Research shows that calves are more likely to survive infancy with living grandmothers. This phenomena was found with both Asian and African elephants.

"Calves of young elephant mothers under 20 years of age had eight times lower mortality risk if the grandmother resided in the same location compared to calves whose grandmother was not present," according to Dr. Mirkka Lahdenperä, a lead author of a study. The benefit of having a grandmother was especially true for inexperienced adult daughters. 

Elephant calves are dependent on their mothers for food for the first two years of life, nursing frequently throughout the day. Keeping a watchful eye on the infant to make sure they don't separate from the herd is a full time job. Grandmother elephants help protect and care for the baby elephant and provide guidance and support for the daughter.

A photograph of a mother elephant and her baby hold their trunks together, evoking the preciousness of their connection.

Happy Mother's Day to all our mommas.

Elephants and Sun, artwork by Heni Sandoval
Elephants bathed in sun rays, artwork by Melly Terpening
 

 

Sunday 22 April 2018

Happy Sunday!

Earth Day is on Sunday this year.

We celebrate the sun shining on our Earth and all the life that dwells in its bright rays.

Earth Day – April 22

Earth Day is a day to officially celebrate our entire planet and renew our awareness of our responsibilities toward the earth.

It's a day to educate our children – what we can do to be responsible citizens, living in peace with all of God's creatures. 

Artwork by Art Projects for Kids

Morning Dew

In The Morning Dew

The morning dew.

Translucent pearls adorn nature's foliage and offer sips of water for tiny crawling creatures.

Secrets of the dawning sun are reflected in their minuscule orbs.

Whispers of a fairy world are heard as they transform into vapor and disappear. 

Dew drops hold the freshness of an awakening day as if providing metaphoric sprinkles of water to splash the sleep from our eyes.

The Little Things

I was reminded of the magic of dew drops when I saw this poem by Kahlil Gibran.

In the sweetness
of friendship
let there be laughter,
and the sharing of pleasures.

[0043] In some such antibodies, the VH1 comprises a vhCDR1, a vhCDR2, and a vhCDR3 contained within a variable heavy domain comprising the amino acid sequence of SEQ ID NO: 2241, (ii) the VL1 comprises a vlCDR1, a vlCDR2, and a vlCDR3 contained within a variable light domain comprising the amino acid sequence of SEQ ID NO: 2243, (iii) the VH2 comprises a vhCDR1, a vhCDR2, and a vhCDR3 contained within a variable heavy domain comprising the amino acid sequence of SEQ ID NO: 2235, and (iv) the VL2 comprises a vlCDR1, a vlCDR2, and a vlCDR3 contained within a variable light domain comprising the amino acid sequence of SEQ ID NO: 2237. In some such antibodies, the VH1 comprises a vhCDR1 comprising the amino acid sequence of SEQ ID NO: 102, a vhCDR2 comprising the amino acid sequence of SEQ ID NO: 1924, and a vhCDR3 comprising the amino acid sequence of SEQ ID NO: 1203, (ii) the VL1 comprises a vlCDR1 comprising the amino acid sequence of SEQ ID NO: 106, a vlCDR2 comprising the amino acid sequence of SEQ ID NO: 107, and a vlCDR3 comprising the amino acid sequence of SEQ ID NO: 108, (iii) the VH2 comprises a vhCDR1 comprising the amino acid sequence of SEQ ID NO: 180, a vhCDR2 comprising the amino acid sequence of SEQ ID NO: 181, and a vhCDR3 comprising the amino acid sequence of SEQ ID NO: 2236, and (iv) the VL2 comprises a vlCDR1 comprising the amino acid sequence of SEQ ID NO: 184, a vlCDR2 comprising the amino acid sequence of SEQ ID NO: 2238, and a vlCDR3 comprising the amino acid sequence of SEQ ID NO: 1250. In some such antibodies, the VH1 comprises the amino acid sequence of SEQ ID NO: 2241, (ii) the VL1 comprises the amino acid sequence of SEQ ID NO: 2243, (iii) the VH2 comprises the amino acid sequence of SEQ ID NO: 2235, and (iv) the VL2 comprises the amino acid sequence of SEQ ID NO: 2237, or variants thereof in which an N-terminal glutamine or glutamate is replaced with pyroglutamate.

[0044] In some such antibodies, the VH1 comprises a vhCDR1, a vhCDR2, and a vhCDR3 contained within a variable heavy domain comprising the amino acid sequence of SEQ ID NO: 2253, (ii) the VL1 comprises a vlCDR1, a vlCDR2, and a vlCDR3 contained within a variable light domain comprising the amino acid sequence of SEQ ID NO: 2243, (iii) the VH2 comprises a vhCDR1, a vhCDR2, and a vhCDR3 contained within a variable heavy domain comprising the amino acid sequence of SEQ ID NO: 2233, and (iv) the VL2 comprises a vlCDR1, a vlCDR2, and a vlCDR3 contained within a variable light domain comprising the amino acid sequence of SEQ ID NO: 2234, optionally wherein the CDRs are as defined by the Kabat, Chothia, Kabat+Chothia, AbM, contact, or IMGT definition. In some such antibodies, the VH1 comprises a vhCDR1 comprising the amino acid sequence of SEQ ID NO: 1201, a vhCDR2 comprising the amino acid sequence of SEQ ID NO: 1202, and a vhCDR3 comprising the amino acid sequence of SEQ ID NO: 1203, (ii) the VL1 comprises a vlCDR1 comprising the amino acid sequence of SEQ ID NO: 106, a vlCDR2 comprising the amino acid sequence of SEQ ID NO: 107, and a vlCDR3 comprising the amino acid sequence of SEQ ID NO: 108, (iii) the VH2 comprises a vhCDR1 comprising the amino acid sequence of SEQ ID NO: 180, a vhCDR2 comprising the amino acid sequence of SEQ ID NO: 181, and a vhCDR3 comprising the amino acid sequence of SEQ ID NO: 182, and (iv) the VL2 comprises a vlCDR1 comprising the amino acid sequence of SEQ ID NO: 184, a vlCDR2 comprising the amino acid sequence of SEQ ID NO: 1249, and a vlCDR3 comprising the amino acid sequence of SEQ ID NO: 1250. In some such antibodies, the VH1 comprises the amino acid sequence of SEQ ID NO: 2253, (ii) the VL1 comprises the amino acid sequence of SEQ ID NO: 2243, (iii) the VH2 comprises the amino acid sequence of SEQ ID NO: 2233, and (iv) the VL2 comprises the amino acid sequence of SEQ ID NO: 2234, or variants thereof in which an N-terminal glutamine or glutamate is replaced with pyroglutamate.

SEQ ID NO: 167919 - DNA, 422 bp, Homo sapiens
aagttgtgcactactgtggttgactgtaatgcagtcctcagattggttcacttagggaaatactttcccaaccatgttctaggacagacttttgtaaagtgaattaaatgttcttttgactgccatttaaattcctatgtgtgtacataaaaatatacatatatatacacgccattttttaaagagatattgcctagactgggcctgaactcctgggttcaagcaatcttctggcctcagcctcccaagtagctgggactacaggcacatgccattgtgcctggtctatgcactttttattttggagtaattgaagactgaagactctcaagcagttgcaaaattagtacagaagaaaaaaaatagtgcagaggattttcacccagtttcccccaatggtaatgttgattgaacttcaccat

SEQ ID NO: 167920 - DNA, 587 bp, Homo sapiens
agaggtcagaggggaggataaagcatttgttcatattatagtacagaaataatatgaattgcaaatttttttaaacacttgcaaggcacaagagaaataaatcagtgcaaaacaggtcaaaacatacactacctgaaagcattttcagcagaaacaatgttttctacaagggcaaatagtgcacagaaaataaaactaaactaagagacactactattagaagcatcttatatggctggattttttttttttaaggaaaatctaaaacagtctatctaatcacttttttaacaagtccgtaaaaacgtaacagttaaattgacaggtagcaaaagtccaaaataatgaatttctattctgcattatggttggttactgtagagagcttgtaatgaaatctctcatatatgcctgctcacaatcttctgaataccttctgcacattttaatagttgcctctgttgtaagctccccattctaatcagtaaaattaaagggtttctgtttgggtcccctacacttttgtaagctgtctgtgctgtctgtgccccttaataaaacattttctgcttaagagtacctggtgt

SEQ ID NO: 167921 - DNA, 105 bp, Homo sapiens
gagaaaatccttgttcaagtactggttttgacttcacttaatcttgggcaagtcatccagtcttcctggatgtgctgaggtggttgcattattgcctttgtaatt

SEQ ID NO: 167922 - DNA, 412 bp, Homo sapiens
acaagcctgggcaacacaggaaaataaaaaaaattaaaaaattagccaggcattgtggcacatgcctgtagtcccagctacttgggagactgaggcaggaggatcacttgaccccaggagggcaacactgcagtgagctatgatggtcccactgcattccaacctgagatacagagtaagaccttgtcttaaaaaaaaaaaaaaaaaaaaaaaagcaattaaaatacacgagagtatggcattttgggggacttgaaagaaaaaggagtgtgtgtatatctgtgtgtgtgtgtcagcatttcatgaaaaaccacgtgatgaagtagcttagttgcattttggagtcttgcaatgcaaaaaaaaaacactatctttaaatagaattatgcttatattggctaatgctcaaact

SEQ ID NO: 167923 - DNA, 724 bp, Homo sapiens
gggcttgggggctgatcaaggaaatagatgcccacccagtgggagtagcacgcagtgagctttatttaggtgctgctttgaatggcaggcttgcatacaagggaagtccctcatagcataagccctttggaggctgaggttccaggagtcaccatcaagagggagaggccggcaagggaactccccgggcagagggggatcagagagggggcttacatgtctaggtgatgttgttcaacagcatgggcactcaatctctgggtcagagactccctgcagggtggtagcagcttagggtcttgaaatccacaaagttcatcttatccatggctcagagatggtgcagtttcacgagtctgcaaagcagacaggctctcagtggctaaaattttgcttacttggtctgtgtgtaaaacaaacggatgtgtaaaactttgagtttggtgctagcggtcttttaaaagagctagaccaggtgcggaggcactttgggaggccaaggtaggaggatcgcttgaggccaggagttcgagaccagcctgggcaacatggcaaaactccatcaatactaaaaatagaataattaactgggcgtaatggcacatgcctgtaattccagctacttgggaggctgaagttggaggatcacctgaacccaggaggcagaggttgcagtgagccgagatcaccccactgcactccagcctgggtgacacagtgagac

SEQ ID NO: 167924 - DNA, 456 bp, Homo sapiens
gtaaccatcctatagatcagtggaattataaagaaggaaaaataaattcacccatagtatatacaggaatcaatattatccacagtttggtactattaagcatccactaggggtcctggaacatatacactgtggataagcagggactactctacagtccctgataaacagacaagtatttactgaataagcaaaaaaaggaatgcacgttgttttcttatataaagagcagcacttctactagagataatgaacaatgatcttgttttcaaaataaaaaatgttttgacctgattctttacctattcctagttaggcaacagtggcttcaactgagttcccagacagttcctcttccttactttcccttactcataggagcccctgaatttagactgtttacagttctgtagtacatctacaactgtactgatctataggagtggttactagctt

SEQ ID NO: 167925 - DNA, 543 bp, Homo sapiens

For in the dew
of little things
the heart
finds its morning
and is refreshed.

Kahlil Gibran

Finding Dew Drops

It's worth getting up early to sneak out into the garden or the park to commune with the fleeting dew drops of the morning. The morning sun quickly burns away their watery melodies, leaving us to marvel at this transitory life.

With The Radiance Technique® (TRT®), students can place one hand in their heart as they observe nature and dew drops and increase their awareness of this little existence. Welcome the morning with TRT® hands-on in Head position #3 or #4 and in Front position #1 and #2. 

As the day begins outside of you, let it begin inside of you, too, with expanded light.

 

Easter Transcendence

The Point In the Middle

Where the horizontal and the vertical meet, there is your transcendence.

A Symbolic Path

Within the symbolism of the cross, there lies a path of transformation. We can acknowledge the outer world which is represented by the horizontal line and bring to our realization that this outer existence intersects with the transcendental world which is represented by the vertical line. That holy meeting place of the two worlds lives in our consciousness.

Easter celebrates the resurrection, the transcendence of life over death.

Death and birth lie on the horizontal line and are parts of our outer world.

On the vertical line, the energy of life is always moving and rising up.

Life is wide and deep and while it steps out of the outer world, it also intersects with it in a greater whole. 

For Your Meditations

Students of The Radiance Technique® (TRT®) can celebrate the Easter holiday and its transcendental energy whether they perceive themselves as Christians or not.

Step into the symbolism and let it guide your awareness. Suggested for your meditations is a focus on TRT® hands-on positions #1 on the Front and #3 on the Head, or a combination of #1  and #3 on the Front for a period of 10 to 15 minutes.

Happy Easter.

Artwork by J. Vincent

 

(The Radiance Technique® is not associated with any religion
or belief system.  Please see About for more details.)